1. A PROCESS FOR IMPROVING THE BOND STRENGTH OF COPPER FOIL THROUGH THE ELECTROCHEMICAL TREATMENT OF A SURFACE THEREOF COMPRISING SUBJECTING SAID SURFACE TO A TOW-STEP ELECTROCHEMICAL PRETREATMENT PRIOR TO THE APPLICATION OF SAID ELECTROCHEMICAL TREATMENT, THE FIRST STEP OF SAID PRETREATMENT COMPRISING SUBJECTING SAID SURFACE TO AN ARESENIC AND COPPER-CONTAINING ELECTROLYTE UNDER CONDITIONS SUCH AS TO ELECTROLYTICALLY DEPOSIT THEREON A FIRST COPPER LAYER WHICH INCREASES THE BOND STRENGTH OF THE RAW FOIL, THE SECOND STEP OF SAID PRETREATMENT COMPRISING SUBJECTING SAID SURFACE TO A COPPER-CONTAINING ELECTROLYTE UNDER CONDITIONS SUCH AS TO ELECTROLYTICALLY DEPOSIT THEREON A SECOND COPPER LAYER WHICH SUSTANTIALLY CONFORMS TO THE CONFIGURATION OF THE FIRST LAYER AND REDUCES THE POWDER TRANSFER CHARACTERISTICS OF SAID FIRST LAYER, AND THEN GIVING SAID PRETREATED FOIL AN ELECTROCHEMICAL TREATMENT IN WHICH SAID SURFACE IS SUBJECTED TO A COPPER-CONTAINING ELECTROLYTE UNDER CONDITIONS SUCH AS TO ELECTROYTICALLY DEPOSIT THEREON A THIRD, COPPER-CONTAINING, MICROCRYSTALLINE LAYER WHICH FURTHER INCREASES THE BOND STRENGHT OF SAID FOIL.
2. A process as defined in claim 1 wherein said electrochemical treatment involves the use of an arsenic and copper-containing electrolyte.
3. A process as defined in claim 2 wherein the copper and arsenic content in the electrolyte in said first step and in said electrochemical treatment are approximately as follows:
4. A process as defined in claim 2 wherein the copper and arsenic content in the electrolyte in said first step and in said electrochemical treatment are approximately as follows:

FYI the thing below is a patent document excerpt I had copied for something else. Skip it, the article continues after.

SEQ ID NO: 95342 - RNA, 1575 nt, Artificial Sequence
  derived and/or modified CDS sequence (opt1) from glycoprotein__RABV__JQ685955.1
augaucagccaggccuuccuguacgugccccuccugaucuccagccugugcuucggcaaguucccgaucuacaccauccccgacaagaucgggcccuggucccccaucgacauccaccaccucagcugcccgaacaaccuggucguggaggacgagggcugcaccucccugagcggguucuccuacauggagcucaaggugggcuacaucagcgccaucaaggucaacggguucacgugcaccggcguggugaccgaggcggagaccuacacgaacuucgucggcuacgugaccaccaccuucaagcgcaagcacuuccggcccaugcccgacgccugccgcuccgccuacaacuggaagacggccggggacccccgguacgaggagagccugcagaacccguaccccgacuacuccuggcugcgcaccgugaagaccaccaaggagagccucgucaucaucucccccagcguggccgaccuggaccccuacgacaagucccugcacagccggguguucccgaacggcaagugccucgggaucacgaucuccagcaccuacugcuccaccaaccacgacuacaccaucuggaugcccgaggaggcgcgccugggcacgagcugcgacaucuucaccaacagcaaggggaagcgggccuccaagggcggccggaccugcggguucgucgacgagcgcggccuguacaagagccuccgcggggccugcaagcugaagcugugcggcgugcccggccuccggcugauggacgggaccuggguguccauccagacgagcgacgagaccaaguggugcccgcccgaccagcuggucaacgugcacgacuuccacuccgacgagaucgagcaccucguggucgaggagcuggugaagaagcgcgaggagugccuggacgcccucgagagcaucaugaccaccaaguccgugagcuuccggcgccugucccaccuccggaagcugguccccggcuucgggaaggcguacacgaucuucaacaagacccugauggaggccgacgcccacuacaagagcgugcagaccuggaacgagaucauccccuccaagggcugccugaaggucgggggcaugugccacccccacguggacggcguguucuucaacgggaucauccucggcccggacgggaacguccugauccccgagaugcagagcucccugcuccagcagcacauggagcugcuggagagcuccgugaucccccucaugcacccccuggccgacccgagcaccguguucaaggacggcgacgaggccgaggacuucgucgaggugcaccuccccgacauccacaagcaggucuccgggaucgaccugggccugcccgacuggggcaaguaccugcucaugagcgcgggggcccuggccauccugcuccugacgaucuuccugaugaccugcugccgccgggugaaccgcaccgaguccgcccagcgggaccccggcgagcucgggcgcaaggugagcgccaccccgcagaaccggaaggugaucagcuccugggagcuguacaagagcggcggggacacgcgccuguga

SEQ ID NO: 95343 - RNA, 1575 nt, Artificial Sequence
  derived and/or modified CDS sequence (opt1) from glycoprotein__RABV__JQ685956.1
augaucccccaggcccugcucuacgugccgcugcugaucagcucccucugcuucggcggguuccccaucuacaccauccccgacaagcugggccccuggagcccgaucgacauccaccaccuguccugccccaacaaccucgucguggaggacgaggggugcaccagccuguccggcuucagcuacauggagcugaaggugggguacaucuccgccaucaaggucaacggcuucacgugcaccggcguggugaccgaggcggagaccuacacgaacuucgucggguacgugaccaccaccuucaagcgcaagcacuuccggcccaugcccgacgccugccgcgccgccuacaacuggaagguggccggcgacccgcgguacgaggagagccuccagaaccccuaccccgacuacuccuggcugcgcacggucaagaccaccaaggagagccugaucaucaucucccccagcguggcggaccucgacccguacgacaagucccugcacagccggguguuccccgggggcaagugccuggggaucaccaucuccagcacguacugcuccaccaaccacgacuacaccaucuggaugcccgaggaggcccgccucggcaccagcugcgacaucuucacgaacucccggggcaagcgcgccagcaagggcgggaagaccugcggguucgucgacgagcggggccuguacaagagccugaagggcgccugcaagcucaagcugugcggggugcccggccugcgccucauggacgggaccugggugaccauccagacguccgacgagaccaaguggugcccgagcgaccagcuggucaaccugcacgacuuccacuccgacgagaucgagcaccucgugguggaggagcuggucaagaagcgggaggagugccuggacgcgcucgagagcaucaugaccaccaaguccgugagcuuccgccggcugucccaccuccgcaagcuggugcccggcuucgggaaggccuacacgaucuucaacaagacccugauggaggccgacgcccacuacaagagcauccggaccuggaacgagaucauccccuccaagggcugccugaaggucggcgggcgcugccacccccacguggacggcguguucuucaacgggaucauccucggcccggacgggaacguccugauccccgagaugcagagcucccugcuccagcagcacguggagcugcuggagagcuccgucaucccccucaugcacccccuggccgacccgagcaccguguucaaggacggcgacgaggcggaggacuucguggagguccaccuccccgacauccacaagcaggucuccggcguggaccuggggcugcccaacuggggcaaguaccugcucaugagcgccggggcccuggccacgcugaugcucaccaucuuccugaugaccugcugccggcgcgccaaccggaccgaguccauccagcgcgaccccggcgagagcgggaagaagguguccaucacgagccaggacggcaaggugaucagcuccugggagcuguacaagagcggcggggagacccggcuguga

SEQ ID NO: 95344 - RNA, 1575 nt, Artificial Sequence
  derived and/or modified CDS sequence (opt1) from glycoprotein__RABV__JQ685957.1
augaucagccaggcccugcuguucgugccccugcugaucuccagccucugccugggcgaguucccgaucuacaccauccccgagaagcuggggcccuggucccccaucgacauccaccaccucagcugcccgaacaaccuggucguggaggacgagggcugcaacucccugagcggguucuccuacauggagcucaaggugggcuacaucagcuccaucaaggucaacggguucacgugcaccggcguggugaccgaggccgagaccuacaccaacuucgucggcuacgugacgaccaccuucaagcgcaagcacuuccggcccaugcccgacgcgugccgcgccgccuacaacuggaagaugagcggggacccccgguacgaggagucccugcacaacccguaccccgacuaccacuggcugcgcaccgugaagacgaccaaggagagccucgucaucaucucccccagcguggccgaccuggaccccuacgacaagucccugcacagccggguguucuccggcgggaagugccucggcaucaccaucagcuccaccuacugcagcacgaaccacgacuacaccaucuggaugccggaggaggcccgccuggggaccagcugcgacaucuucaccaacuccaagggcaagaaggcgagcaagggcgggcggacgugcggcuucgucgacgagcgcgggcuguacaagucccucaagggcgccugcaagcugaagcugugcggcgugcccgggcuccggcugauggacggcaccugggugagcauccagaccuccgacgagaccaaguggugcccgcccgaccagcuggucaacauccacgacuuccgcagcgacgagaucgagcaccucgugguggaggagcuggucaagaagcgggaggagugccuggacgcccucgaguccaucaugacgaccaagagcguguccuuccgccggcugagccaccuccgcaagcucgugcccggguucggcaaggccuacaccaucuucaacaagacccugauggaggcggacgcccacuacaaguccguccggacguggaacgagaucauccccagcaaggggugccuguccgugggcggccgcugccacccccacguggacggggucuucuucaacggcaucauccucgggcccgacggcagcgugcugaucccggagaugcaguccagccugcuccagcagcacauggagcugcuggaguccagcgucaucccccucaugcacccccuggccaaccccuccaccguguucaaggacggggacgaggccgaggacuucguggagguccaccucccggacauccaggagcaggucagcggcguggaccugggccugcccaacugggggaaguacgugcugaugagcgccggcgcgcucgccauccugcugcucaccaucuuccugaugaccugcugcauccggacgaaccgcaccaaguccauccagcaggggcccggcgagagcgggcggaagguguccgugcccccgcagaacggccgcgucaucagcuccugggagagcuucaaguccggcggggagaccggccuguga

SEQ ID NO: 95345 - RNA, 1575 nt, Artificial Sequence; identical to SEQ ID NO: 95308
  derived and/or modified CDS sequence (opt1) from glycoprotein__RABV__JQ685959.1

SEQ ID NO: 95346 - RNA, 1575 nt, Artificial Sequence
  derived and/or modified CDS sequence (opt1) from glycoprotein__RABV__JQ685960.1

5. A process as defined in claim 2 wherein a sufficient amount of arsenic is present in the electrolyte in said first step of said pretreatment to increase the bond strength resulting from said electrochemical treatment over what it would have been had said electrochemical treatment been applied to foil which had not been pretreated.
6. A process as defined in claim 1 wherein approximately 1-4 grams of electrodeposit per square meter of foil surface is deposited during said electrochemical treatment.
7. A process for improving the bond strength of copper foil comprising subjecting a surface of said foil to three electrochemicaL treatments such as to electrodeposit thereon three copper layers, said three treatments being carried out approximately under the following conditions:
8. A process as defined in claim 7 wherein the conditions for said three treatments are approximately as follows:
9. A process as defined in claim 7 wherein the conditions for said three treatments are approximately as follows:
10. A process for improving the bond strength of copper foil through the electrochemical treatment of a surface thereof comprising subjecting said surface to a two-step electrochemical treatment, the first step of said treatment comprising subjecting said surface to an arsenic and copper-containing electrolyte under conditions such as to electrolytically deposit thereon a first copper layer which increases the bond strength of the raw foil; the second step of said treatment comprising subjecting said surface to a copper-containing electrolyte under conditions such as to electrolytically deposit thereon a second copper layer which substantially conforms to the configuration of the first layer and reduces the powder transfer characteristics of said first layer.